Have you ever wondered how to live a longer, healthier life? Well, Jane Sandwood has written a great blog on this subject and was gracious enough to share it with us…enjoy.
Over time, the meaning of the word “diet” has been diluted. Surprisingly, however, not all the credit goes to fad diets and their harmful effects. The general public has adopted the school of thought that diets are specifically engineered towards a specific, often short-term, goal. Among them are weight loss or weight gain for an occasion or just because it’s the new trend in town.
What you consume day in day out, however healthy or unhealthy, is your diet. You may currently be on the wrong path and have dietary concerns about how to get back on track. That is why you have the responsibility to decide to follow a healthy diet through clean eating. Here is a practical guide on how to develop and maintain healthy eating habits.
Healthy weight loss diet
The “one size fits all” is the most popular false diet myth of all time. Fact is, our bodies react differently to different foods and what works for you might not work for the next person. However, some of the most common factors that contribute to weight gain are emotional eating, high intake of calories, carbs and fat.
Weight loss diet programs are often centered on replacing calories with high fiber foods such as vegetables, fruits, and whole grains. The idea is to burn more calories than you consume. It is also advisable to cut down on sugar, carbohydrates and fat and replace them with proteins in foods such as leafy but non-starchy vegetables, lean meat, and fish. Healthy fats from avocados, nuts, and soymilk are also good options for fat.
Incorporate adequate sleep, plenty of water and regular exercise to your weight loss program. Plan your meals in advance. When, how and what you eat should be in line with your goals. As for goals, adopt long-term objectives that will help you attain and maintain that ideal body weight.
Research by the Nation Weight Loss Control Registry also shows that watching less television (by at least 10%) helps to maintain weight loss. Finally, keep in mind that you might need to adjust your weight loss diet. Consult an expert if there are no results or health issues arise.
Gain weight and stay healthy
Gaining weight must be the easiest task ever, right? Wrong. First, true weight gain involves storing more fat in your body or increasing your lean muscles. The latter is the more popular goal for weight gain. Similar to weight loss, you should be wary of nutrition fads that promise you will add weight overnight. They may either be harmful to your health or only result in “perceived weight gain” – water retention caused by excessive fluid intake or consuming foods that support water retention.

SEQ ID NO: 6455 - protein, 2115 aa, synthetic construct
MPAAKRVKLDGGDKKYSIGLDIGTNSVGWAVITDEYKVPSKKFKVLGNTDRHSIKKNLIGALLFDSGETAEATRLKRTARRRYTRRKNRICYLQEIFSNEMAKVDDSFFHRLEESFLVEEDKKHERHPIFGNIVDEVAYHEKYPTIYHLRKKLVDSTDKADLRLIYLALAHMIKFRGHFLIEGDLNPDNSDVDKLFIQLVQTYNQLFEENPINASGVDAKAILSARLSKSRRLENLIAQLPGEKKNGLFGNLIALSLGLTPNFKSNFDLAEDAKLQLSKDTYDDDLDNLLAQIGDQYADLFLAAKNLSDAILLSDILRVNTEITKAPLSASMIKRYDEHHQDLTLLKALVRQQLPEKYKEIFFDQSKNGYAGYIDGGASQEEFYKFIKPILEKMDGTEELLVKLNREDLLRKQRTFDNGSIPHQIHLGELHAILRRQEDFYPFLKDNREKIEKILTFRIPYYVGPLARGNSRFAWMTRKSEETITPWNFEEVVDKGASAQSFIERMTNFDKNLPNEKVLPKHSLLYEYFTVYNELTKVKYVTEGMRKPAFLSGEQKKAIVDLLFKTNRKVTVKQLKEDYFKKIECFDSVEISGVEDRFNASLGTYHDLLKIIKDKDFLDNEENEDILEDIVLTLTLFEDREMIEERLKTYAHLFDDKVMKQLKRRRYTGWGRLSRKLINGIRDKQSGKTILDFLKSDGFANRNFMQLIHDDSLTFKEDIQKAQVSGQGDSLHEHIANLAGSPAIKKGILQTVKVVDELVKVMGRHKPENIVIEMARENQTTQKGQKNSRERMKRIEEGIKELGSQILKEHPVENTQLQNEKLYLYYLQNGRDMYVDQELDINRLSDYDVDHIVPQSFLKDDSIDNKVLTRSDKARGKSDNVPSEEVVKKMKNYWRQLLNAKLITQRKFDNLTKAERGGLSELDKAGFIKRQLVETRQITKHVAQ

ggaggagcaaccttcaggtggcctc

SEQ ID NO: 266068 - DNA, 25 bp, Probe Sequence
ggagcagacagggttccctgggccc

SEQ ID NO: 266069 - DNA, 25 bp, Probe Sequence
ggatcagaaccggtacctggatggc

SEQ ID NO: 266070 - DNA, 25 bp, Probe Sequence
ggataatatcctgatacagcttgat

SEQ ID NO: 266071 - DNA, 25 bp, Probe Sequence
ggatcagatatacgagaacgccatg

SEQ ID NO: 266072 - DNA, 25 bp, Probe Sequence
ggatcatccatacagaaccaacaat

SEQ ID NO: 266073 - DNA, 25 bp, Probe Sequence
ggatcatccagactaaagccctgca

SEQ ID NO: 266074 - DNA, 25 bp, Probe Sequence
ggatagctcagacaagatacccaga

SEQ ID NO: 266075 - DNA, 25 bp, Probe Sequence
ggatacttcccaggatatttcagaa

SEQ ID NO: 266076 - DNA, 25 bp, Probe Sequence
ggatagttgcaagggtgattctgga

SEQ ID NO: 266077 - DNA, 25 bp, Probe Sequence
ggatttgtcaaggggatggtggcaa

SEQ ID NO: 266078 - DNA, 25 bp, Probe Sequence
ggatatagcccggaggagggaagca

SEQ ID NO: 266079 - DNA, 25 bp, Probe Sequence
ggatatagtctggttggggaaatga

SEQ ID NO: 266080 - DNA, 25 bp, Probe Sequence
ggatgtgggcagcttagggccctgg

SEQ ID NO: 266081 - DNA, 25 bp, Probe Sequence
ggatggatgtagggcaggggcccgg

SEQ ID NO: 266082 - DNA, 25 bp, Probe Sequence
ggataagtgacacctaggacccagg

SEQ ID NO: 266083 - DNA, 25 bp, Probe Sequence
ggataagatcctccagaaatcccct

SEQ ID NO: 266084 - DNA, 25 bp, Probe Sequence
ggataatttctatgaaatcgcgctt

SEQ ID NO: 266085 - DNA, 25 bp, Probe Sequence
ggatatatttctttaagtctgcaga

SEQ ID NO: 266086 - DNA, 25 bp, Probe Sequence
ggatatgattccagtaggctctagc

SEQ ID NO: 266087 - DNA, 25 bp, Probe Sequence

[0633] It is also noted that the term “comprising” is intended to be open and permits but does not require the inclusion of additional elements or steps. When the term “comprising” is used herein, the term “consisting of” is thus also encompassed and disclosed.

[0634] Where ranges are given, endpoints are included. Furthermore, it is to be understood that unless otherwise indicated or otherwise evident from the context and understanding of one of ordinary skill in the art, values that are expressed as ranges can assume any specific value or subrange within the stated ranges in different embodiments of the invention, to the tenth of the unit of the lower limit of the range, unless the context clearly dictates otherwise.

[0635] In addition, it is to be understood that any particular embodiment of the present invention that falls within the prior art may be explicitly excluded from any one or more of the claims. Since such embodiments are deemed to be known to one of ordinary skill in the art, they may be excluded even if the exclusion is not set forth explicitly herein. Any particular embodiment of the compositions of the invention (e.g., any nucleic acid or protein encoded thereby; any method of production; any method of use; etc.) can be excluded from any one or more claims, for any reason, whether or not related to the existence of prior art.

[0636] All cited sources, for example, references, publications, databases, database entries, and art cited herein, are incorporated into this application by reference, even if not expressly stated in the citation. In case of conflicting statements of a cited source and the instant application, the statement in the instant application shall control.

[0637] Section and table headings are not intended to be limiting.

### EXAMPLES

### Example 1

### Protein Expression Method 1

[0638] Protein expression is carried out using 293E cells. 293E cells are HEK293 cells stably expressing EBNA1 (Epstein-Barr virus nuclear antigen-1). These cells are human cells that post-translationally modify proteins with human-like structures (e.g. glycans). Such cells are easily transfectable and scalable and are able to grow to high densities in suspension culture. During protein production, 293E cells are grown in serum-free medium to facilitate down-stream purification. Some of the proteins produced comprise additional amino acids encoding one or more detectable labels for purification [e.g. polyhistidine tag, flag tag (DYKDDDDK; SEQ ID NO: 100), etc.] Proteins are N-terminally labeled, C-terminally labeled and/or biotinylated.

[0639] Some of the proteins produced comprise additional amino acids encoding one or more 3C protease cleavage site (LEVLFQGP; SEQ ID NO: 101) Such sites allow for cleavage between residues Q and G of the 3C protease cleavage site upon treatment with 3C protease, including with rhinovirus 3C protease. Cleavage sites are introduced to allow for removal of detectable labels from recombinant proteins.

Healthy foods for weight gain should involve higher intake of carbohydrates, proteins, and fats. The diet program should not encourage overindulgence in junk food and other unhealthy foods. You should set a daily target for calories consumed. Also, plan your meals to help you track your intake and hit your target. It helps you not to rely on your body’s hunger cues.
Typically, a diet designed to help you gain weight should involve consuming more calories than you burn. The calories people burn daily differ depending on their biology and lifestyle. Thinking, walking, talking and even breathing all require calories. If you add strength training, for example, a person’s caloric needs go up.
The ongoing trend of fad diets
The eruption of fad diets in the 70s and 80s is responsible for the quick-fix diets all over the internet. These false diet myths don’t work as they will only offer a short-term deal, you will most likely revert to your poor eating habits once you meet your goal or fail and despair. Studies reveal that obese people have a 10% chance of living longer than people who reached their ideal weight through dieting. This is attributed to the gain-loss-gain syndrome caused by fad diets and unhealthy diets altogether.
If someone claims to lose 15 pounds in a week, they should weigh zero to nothing if that diet is maintained for a year. Additionally, drastic changes to ideal body weight have been shown to contribute to cardiovascular disease in women.
A healthy diet should be your way of life. If you haven’t already adopted one, it’s not too late. Find a practical weight loss or weight gain diet. If you already have the ideal weight, work to maintain it while eating healthy foods daily. In the event that you need to gain or lose weight over a short period of time, beware of quick-fix diets. They may or may not have the short-term results you seek but will almost certainly have long-term detrimental effects. You’ll want to enlist a professional if you are not able to do it yourself, so contact Tommy!
And if you need to reach Jane for further info, you can connect with her via email@example.com
And as a bonus, here is a link to a workout that I just posted, have fun with it!
SHRED for Success,